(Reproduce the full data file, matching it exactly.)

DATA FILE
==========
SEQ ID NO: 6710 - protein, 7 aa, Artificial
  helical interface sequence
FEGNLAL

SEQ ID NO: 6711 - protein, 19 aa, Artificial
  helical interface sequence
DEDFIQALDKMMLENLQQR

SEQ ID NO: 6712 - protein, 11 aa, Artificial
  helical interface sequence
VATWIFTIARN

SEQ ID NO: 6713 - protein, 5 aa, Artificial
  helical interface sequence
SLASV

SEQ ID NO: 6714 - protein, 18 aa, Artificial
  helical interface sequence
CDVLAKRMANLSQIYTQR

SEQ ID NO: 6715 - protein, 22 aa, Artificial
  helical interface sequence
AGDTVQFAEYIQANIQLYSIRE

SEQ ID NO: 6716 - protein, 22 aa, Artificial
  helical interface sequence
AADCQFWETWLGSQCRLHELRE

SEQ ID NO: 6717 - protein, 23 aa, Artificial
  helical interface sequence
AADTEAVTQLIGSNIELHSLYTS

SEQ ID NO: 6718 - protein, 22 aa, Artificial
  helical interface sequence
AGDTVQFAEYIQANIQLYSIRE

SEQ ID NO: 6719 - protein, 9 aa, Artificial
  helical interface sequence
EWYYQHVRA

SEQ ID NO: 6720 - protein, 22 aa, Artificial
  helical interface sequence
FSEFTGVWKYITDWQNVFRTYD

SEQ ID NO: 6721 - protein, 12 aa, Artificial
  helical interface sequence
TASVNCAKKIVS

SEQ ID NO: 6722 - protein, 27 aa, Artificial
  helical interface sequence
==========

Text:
SEQ ID NO: 6710 - protein, 7 aa, Artificial
  helical interface sequence
FEGNLAL

SEQ ID NO: 6711 - protein, 19 aa, Artificial
  helical interface sequence
DEDFIQALDKMMLENLQQR

SEQ ID NO: 6712 - protein, 11 aa, Artificial
  helical interface sequence
VATWIFTIARN

SEQ ID NO: 6713 - protein, 5 aa, Artificial
  helical interface sequence
SLASV

SEQ ID NO: 6714 - protein, 18 aa, Artificial
  helical interface sequence
CDVLAKRMANLSQIYTQR

SEQ ID NO: 6715 - protein, 22 aa, Artificial
  helical interface sequence
AGDTVQFAEYIQANIQLYSIRE

SEQ ID NO: 6716 - protein, 22 aa, Artificial
  helical interface sequence
AADCQFWETWLGSQCRLHELRE

SEQ ID NO: 6717 - protein, 23 aa, Artificial
  helical interface sequence
AADTEAVTQLIGSNIELHSLYTS

SEQ ID NO: 6718 - protein, 22 aa, Artificial
  helical interface sequence
AGDTVQFAEYIQANIQLYSIRE

SEQ ID NO: 6719 - protein, 9 aa, Artificial
  helical interface sequence
EWYYQHVRA

SEQ ID NO: 6720 - protein, 22 aa, Artificial
  helical interface sequence
FSEFTGVWKYITDWQNVFRTYD

SEQ ID NO: 6721 - protein, 12 aa, Artificial
  helical interface sequence
TASVNCAKKIVS

SEQ ID NO: 6722 - protein, 27 aa, Artificial
  helical interface sequence